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Davis Presses Simon on Taxes

Politics: Governor says challenger may be hiding something by refusing to reveal returns.


SACRAMENTO — Gov. Gray Davis escalated his criticism of Republican challenger Bill Simon Jr. on Wednesday, suggesting that Simon may be hiding something by refusing to unveil his tax returns.

Davis made his remarks after a speech to the California Chamber of Commerce, where his aides passed out copies of a Times article recounting how Simon, a multimillionaire, compared the Democratic governor to Karl Marx for calling on Simon to release his tax returns.

"We won't know whether he paid his fair share until he discloses that information," Davis said, adding with a wide grin that he was "a little surprised" that Simon compared him to Marx.

On Tuesday, the day after most taxpayers filed their 2001 income tax returns, Simon told a San Francisco radio talk show host: "I don't even know what a fair share is. I mean, that sounds like somebody coming out of Moscow, you know? 'Their fair share.' You know, Karl Marx talked like that."

Simon stood by his remarks Wednesday: "It's just a comment. Gov. Davis made a comment, and I made a response. I think people need to pay taxes that they owe. I don't need the governor to tell me what's a fair share."

Simon also reaffirmed that he has no plans to release his state or federal income tax returns, and offered an ambiguous answer when asked whether he paid California state income taxes in 2001.

"I'd have to go back and take a look at all that information," Simon told reporters. "I'm not prepared to answer that today. I'm sure whatever we owed we paid."

The campaign skirmish began Monday when Davis released his tax returns and called on Simon to do the same. Davis, a career politician, reported that he and his wife, Sharon, paid more than $55,000 in state and federal taxes on income of $200,351.

Although no state or federal law compels public disclosure, candidates for statewide and national office commonly release their income tax returns--and criticize any opponents who like Simon balk at making their tax filings public.

"It's a difficult situation," said George Gorton, who managed campaigns for Republican Gov. Pete Wilson, a politician who routinely released his income tax returns. "It's like not debating."

The back-and-forth over disclosure overshadowed back-to-back speeches by Davis and Simon to the California Chamber of Commerce.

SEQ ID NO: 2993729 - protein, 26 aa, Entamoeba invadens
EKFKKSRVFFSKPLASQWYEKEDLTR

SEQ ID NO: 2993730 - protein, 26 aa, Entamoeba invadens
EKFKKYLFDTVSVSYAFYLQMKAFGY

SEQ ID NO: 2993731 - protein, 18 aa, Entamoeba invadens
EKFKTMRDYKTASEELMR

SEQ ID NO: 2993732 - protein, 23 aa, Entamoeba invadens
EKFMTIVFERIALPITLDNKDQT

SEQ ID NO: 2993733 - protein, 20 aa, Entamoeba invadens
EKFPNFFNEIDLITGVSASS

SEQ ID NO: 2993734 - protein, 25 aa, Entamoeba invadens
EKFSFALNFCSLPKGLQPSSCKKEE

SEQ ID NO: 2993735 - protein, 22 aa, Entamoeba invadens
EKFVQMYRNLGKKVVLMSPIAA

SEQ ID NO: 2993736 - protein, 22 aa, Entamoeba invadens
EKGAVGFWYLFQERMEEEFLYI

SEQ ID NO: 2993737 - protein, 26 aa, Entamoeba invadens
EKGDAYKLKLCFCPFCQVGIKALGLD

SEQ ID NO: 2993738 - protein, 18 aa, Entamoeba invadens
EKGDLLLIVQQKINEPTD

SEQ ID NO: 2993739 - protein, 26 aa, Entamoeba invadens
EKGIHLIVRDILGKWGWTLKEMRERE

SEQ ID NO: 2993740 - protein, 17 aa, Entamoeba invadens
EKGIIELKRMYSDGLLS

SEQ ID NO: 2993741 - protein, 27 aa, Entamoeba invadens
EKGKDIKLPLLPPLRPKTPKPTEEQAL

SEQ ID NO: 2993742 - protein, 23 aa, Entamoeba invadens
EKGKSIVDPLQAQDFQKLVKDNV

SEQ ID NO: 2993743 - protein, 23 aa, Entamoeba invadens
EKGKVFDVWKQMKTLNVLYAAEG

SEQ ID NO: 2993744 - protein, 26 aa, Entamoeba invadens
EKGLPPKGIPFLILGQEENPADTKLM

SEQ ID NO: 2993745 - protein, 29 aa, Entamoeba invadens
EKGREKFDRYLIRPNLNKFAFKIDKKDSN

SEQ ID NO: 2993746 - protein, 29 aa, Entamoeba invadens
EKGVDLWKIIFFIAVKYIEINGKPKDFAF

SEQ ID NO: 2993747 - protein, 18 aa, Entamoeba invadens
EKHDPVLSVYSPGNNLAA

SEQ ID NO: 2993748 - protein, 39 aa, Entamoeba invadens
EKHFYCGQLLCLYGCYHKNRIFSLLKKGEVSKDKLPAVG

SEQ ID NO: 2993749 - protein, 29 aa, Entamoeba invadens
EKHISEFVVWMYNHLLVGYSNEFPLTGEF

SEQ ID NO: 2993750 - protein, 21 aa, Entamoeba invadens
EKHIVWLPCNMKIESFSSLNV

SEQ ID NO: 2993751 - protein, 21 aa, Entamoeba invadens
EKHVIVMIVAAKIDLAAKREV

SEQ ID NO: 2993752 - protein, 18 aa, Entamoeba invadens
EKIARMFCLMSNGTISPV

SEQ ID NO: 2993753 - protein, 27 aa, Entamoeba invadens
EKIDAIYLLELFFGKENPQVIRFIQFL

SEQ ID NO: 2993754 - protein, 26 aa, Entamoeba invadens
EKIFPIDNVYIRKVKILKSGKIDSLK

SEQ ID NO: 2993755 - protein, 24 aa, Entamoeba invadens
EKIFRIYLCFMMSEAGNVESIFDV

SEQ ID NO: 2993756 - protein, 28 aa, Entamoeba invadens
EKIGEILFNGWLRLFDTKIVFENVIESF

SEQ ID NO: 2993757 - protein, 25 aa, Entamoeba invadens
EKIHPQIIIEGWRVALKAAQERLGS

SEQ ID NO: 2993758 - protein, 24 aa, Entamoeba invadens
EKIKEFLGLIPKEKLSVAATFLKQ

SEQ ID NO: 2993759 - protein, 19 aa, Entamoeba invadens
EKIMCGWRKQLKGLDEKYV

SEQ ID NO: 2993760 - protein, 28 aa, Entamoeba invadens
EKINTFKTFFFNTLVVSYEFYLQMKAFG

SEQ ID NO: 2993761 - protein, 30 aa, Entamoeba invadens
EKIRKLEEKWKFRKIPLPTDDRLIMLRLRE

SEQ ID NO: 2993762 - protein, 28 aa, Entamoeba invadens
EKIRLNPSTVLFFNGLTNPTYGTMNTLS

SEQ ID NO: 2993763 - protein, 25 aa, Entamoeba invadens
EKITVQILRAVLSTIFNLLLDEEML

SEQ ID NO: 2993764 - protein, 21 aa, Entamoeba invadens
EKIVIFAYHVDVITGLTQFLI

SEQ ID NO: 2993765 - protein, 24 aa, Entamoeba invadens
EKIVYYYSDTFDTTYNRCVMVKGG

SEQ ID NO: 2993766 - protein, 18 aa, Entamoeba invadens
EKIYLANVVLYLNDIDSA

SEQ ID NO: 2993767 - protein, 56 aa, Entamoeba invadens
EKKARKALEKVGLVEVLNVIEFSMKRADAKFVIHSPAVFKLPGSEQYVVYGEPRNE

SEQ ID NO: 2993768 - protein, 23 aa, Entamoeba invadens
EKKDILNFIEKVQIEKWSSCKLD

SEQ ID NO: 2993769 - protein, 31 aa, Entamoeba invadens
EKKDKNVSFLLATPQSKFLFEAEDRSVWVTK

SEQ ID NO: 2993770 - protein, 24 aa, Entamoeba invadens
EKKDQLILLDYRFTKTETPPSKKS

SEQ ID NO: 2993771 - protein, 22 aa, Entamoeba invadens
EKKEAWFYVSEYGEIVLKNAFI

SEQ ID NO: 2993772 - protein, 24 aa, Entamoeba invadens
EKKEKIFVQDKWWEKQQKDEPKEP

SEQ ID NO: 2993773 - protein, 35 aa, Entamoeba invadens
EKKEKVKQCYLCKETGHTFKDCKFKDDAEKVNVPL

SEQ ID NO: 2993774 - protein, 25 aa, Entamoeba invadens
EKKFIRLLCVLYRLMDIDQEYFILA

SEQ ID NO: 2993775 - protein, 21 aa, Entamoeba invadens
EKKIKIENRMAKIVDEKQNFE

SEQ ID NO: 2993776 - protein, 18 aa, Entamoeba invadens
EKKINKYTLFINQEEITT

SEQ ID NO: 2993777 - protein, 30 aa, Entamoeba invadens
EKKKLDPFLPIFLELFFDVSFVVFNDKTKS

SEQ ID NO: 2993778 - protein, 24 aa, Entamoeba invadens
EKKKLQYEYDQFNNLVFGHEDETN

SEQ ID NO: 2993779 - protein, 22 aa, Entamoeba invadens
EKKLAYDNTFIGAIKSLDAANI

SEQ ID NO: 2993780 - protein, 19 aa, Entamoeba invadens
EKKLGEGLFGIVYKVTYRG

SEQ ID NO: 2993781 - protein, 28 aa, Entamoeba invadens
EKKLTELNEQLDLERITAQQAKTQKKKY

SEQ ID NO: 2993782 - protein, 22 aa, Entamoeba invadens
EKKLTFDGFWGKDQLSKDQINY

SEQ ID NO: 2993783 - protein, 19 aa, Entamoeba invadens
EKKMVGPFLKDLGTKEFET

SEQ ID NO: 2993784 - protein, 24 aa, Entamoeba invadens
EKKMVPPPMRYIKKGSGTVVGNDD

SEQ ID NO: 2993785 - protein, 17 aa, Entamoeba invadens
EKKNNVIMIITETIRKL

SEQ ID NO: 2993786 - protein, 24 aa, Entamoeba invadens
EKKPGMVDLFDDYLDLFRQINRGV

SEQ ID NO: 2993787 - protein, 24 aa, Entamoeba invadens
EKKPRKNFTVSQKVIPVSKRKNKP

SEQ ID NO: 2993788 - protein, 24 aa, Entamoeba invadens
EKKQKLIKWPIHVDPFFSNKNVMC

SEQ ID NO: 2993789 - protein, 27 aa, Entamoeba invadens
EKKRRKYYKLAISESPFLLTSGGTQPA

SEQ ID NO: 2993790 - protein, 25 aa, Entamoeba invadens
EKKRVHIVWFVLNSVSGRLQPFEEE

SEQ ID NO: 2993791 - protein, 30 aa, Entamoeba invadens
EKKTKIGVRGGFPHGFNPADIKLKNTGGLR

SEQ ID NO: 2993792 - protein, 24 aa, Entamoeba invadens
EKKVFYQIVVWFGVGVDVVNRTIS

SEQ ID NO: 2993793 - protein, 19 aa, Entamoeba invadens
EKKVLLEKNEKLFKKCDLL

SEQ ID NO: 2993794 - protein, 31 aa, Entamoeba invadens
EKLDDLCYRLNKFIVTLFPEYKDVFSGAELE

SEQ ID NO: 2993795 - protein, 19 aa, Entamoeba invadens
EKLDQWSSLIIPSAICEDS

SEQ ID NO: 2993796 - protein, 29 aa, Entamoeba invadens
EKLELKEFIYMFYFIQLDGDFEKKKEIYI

Davis said his achievements in office include improvements in public schools, spending $7 billion on transportation projects and cutting taxes by $4.3 billion.

He also said he plans to sign a $2.1-billion bond proposal for the November ballot that would help finance housing for low- and moderate-income Californians, and he told the business leaders he will sign legislation extending so-called enterprise zones for 20 years. Businesses receive tax breaks and other incentives by locating in such zones, which generally are in economically depressed areas.

Simon criticized Davis' handling of the energy crisis and the state budget, charging that the governor inherited an $8-billion surplus and is "trying to paper over a record $15-billion to $17-billion deficit."

Simon called for a 15% reduction in spending on programs other than public safety and public education, and for cuts in state taxes on income and capital gains.

"If someone is going to complain about a large deficit," Davis said, "I'd like to think they contributed something in the way of paying taxes to keep the government running."

Davis called it essential that people running for office disclose whether they have paid their fair share of taxes, and again slapped at Simon for failing to vote in several elections.

"There are a couple of fundamental obligations of citizenship: voting and paying taxes," the governor said. "Surely, if you're going to stand for public office, you should be willing to do both."

"Every American should pay their taxes," Simon told reporters after his speech, "and I do pay my taxes."

Simon said he has nothing to hide, and noted that he complied with state law by publicly filing a statement of economic interests with the Fair Political Practices Commission. The conflict-of-interest report, which all candidates and office holders must file, discloses "pretty much all my holdings and all my sources of income," Simon said.

"Where do you draw the line?" he said. "We drew the line with the statement of economic interests. We felt that was adequate disclosure."

Simon said he applied for a 90-day extension on filing his tax returns. But people who file extensions still must pay what they owe to the state and federal governments.

"We got an extension on the return because they're fairly complex," Simon said, "and so routinely every year we get an extension in order to receive all the information we need."

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